I started a short story last Sunday that is based on true tales passed down from my mom and older sister. The story takes place during a time when the full raging effects of the Great Depression had displaced so many.
We met Walter and Ella Smith, who are living with their three children in a small wood-frame house that Walter built for $50 out of used lumber and bent nails. But, it was a sight better than the tent they’d occupied before the drafty tiny house. When we left them, Walter had gone off to work at the gas station and Ella had been summoned from hanging clothes on the line by her oldest daughter. The baby, Charlie, was bleeding. We’ll rejoin them now and see what has happened.
Ella burst through the door and gasped when she saw Charlie sitting in the middle of the floor wailing with blood running from his mouth.
“Jane, what happened?”
The eight-year-old girl sobbed. “I don’t know, Mama. Me and Celie were playing and he started crying.”
Ella scooped up the crying baby and examined his mouth. Tiny shards of glass could be seen.
A look back at the floor revealed more glass.
She grabbed a quilt off the bed and wrapped it around him. “Jane and Celie, get your shoes on quick! We’ve got to go get help.”
Running like the devil chased her, Ella flew down the hill with the two girls close behind.
She banged on the door of her nearest neighbor.
A white-haired man opened the door. “What in tarnation is wrong, Ella?”
“Please, help me, Mr. Fagan, I’ve gotta get my baby to the doctor. He’s bleeding awful bad.” She swiped at the tears streaming down her face. “And he has glass in his mouth.”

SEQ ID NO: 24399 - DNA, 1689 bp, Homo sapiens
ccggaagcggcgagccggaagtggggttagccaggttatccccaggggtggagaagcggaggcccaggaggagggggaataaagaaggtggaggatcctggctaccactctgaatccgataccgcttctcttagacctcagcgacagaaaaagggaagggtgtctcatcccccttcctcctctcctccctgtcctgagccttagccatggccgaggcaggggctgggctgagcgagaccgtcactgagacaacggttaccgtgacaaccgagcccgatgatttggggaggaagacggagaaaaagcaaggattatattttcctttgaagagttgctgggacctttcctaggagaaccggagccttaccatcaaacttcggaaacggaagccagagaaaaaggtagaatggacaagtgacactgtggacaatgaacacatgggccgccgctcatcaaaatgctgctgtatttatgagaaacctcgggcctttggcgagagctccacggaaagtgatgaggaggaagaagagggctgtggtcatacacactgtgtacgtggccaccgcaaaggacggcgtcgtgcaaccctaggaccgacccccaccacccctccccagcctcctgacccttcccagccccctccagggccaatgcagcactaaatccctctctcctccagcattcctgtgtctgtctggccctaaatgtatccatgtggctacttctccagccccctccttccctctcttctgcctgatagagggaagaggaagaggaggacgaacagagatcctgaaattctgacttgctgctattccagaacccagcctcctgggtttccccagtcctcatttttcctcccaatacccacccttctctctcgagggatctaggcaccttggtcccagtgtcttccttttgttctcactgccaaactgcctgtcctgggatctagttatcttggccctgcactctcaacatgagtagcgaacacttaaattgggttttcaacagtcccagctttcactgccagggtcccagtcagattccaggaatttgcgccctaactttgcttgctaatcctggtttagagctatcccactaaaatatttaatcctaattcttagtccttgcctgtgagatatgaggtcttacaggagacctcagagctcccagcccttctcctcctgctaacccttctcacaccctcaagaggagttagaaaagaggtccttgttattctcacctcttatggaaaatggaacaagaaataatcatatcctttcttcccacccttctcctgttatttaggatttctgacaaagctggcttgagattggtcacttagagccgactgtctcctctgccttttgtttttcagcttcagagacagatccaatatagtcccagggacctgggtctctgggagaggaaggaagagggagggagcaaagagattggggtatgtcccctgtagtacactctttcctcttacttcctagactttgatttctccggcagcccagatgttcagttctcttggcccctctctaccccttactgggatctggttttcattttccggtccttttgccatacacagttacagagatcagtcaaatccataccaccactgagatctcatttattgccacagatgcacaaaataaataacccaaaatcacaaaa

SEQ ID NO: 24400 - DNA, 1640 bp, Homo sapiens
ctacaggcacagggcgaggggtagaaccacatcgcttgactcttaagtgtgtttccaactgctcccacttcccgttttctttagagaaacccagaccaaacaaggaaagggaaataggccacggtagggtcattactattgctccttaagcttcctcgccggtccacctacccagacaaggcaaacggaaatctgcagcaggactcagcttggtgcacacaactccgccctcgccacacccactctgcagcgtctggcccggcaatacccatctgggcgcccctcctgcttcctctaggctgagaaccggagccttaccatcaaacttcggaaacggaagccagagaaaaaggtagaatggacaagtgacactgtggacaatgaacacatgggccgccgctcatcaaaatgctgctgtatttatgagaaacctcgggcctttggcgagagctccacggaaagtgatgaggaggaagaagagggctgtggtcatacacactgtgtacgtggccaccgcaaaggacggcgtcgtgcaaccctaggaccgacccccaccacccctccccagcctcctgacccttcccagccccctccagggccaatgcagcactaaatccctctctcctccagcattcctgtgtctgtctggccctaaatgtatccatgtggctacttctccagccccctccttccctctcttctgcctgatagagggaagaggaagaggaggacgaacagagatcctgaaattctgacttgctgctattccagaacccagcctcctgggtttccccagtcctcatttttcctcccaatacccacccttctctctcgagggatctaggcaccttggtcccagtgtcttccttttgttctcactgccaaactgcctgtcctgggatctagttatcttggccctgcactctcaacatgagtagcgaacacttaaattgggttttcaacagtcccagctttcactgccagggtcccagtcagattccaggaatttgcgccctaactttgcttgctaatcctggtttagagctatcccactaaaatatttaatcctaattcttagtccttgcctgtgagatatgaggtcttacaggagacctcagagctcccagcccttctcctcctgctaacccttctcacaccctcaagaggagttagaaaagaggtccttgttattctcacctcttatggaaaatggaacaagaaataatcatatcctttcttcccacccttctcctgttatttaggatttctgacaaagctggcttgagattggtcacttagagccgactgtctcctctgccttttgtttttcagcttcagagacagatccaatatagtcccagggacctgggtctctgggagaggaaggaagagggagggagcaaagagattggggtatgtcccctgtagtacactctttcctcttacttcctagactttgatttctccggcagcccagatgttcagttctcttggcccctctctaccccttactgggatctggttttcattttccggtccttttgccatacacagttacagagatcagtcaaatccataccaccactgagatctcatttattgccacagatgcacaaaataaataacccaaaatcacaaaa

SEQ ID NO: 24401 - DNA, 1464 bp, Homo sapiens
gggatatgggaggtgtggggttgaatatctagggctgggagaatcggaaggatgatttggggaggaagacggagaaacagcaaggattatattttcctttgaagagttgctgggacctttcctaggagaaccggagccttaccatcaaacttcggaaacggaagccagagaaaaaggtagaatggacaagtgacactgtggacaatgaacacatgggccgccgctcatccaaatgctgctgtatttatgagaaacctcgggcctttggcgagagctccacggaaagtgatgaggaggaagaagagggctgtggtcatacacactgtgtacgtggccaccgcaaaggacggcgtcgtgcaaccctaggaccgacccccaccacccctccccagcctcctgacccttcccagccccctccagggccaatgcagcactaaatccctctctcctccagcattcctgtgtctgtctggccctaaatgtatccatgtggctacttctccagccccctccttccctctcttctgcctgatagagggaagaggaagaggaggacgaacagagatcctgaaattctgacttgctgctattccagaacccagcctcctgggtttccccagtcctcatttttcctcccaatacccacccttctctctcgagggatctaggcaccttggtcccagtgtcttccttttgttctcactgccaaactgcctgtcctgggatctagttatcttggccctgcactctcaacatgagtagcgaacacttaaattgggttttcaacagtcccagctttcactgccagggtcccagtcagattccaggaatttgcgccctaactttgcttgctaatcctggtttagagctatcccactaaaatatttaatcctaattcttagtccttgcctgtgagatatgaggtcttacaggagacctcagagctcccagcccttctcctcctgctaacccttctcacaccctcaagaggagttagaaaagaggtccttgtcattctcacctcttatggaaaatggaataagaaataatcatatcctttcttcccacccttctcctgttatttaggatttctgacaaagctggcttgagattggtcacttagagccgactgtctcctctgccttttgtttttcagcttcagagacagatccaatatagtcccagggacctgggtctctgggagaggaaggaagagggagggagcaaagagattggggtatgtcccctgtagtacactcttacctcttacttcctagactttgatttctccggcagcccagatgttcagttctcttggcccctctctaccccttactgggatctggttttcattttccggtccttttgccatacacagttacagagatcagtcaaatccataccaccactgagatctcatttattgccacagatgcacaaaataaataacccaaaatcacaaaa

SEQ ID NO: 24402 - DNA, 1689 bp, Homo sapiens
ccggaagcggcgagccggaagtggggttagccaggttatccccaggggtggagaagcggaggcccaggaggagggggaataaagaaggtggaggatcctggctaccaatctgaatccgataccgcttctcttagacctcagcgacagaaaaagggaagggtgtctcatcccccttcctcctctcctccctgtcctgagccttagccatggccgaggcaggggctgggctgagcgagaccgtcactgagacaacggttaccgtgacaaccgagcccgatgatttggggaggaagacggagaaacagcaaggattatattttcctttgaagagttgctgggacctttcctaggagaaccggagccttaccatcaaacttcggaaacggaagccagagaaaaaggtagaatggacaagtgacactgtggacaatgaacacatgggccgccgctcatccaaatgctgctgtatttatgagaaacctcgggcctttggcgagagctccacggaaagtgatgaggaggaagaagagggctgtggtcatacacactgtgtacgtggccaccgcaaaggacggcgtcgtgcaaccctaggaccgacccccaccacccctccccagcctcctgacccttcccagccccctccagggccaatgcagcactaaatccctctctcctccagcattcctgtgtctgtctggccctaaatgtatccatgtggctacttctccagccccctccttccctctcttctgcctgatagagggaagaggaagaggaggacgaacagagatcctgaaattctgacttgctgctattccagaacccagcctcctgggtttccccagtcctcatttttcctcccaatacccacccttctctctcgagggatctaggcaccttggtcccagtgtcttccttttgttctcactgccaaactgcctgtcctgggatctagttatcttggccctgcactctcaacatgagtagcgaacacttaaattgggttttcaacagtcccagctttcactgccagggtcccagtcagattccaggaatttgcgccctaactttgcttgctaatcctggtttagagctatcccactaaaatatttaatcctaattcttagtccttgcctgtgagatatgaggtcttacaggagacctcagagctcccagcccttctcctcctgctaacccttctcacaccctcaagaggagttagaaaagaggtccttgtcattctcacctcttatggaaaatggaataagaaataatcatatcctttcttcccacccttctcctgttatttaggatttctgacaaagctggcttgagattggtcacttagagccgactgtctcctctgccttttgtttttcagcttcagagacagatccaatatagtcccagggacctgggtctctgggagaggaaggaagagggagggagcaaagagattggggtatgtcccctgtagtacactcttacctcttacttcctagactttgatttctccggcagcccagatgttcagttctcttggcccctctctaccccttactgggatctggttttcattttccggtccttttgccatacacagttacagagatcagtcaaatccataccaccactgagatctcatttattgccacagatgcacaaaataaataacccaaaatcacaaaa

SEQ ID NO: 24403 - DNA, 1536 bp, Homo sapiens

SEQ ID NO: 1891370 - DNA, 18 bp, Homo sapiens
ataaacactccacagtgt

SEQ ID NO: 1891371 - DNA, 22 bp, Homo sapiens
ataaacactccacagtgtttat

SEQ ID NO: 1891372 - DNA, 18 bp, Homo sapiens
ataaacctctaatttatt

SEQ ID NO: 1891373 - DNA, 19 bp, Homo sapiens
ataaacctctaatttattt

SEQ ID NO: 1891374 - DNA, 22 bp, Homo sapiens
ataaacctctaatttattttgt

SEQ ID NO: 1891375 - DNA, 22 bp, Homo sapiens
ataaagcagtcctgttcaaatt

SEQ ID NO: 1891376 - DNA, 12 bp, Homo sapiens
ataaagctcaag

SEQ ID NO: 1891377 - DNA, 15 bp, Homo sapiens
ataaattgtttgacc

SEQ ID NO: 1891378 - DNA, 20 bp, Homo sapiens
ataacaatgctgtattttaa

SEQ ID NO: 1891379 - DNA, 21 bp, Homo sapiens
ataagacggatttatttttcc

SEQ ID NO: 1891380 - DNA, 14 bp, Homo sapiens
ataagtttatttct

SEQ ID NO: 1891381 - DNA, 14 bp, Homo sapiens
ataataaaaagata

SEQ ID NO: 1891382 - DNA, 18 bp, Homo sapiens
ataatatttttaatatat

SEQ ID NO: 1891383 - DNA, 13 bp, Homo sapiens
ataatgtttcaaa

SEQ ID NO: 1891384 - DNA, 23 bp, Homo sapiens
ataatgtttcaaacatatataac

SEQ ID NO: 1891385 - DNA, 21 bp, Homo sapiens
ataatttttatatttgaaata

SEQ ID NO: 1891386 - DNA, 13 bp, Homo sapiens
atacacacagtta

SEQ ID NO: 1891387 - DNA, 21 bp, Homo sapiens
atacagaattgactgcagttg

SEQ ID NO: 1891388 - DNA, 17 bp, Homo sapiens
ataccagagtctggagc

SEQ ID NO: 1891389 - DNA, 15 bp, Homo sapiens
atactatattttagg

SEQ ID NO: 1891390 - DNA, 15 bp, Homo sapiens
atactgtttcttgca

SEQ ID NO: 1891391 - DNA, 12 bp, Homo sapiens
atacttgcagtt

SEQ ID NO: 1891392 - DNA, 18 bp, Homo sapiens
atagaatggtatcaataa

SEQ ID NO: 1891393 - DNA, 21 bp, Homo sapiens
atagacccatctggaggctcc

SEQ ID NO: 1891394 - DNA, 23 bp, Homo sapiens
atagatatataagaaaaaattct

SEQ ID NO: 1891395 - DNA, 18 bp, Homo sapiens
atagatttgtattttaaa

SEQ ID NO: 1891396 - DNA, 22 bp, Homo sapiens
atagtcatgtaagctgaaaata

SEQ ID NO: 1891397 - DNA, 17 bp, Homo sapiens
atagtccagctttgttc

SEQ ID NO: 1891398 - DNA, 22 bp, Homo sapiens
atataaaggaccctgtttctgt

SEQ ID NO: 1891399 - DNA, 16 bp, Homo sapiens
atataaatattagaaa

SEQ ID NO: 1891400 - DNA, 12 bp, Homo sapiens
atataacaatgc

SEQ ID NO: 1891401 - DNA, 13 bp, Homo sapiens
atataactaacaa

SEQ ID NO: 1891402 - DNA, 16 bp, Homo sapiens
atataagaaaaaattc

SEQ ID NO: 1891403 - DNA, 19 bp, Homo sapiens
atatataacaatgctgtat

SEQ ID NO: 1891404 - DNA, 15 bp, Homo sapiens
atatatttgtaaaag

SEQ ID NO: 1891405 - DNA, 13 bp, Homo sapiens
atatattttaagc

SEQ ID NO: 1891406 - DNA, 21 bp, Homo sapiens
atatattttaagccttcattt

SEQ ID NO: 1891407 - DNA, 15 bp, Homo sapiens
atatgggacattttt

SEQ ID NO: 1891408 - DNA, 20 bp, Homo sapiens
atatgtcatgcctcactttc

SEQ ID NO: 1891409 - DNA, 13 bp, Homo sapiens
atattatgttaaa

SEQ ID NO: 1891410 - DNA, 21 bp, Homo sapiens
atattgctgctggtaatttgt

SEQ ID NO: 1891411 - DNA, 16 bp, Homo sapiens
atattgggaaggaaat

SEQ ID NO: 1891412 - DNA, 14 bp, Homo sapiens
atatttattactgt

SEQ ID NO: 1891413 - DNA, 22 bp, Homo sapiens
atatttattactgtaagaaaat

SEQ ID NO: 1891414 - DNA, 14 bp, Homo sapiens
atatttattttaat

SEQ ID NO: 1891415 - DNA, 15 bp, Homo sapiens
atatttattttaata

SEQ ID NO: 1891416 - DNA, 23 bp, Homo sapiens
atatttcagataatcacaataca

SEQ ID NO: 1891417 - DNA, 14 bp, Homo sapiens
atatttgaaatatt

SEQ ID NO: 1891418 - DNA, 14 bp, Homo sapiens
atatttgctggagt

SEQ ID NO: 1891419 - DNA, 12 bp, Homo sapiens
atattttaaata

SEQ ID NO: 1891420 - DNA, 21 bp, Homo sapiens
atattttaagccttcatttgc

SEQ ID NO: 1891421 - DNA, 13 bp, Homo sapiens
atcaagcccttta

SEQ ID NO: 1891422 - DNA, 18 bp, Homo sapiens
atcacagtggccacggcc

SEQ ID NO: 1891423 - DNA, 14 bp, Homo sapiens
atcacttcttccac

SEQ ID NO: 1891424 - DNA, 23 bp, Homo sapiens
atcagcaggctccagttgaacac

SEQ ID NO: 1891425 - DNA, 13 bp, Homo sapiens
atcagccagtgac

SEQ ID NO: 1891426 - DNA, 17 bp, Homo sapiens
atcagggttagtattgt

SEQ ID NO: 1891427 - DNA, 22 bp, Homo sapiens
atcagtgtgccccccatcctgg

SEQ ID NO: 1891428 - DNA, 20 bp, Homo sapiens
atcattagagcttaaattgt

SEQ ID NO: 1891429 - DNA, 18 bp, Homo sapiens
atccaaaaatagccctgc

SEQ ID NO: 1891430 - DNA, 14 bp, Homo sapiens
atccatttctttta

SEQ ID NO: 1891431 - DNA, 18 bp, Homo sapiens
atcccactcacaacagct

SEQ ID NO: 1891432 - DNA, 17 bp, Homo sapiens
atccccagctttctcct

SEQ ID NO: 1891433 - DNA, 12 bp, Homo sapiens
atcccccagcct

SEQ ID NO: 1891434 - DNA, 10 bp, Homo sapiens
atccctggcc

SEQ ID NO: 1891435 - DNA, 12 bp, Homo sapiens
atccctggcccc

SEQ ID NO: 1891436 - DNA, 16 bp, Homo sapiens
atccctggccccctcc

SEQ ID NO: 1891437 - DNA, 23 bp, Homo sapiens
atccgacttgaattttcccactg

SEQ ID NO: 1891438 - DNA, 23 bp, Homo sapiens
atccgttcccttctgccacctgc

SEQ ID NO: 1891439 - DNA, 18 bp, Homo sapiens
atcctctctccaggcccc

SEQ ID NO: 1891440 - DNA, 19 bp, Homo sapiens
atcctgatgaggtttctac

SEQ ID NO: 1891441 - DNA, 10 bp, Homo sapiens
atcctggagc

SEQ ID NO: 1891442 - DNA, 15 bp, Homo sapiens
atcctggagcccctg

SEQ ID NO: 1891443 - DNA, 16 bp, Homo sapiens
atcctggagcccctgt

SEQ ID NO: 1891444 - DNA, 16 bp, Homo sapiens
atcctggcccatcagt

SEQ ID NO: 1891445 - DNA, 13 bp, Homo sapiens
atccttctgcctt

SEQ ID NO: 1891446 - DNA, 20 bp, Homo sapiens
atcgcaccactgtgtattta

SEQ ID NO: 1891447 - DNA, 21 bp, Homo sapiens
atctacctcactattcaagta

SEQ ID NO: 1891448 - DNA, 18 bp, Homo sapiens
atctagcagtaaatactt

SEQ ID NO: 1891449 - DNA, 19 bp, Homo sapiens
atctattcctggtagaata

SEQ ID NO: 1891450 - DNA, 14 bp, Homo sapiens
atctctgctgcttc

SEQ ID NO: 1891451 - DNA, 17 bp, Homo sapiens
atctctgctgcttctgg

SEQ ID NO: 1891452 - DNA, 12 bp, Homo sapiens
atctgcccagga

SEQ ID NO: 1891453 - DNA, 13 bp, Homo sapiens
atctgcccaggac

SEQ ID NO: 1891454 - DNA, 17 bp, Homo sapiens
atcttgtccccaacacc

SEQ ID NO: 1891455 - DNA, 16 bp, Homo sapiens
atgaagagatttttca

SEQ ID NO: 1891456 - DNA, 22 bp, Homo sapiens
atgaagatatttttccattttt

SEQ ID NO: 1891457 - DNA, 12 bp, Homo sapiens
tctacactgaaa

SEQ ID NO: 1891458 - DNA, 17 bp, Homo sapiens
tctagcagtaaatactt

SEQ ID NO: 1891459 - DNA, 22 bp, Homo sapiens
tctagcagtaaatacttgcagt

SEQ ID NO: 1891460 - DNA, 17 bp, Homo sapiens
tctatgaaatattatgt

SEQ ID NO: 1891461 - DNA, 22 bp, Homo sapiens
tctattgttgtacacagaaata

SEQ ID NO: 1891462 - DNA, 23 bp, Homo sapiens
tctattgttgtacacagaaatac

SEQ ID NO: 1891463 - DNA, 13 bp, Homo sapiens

The old man moved like cold molasses. “Well, then. Let me get my coat and I’ll drive you to Doc Davis’s.”
“Thank you, sir. But, can we hurry?” She attempted to soothe the squalling baby in her arms.
Panic gripped her heart tight, like a vise around a ripe melon. She feared it might explode from the pressure. Guilt overtook the fear and she chastised herself for not taking the younguns outside with her. It’s just that it was so cold.
Mr. Fagan hobbled out to the rusted 1934 Chevy coupe and groaned when he slid behind the wheel.
Ella wasted no time getting the girls into the car before joining them on the narrow seat.
“Sh,” she rocked the crying baby. “Can we hurry, Mr. Fagan? I’m so scared.”
The old man ran a gnarled hand through his white hair and started the engine. “Don’t reckin I ever heard of a baby eatin’ glass before.”
“Me neither,” Ella managed.
“Where’s Walter?” The old man asked.
“Working at the station today. Can you stop by there on your way home, and let him know?”
The old man nodded and pulled to a stop in front of the corner building where the doctor’s shingle hung.
Ella sprang from the car. “Jane, hold your sister’s hand.” They rushed inside the doctor’s office.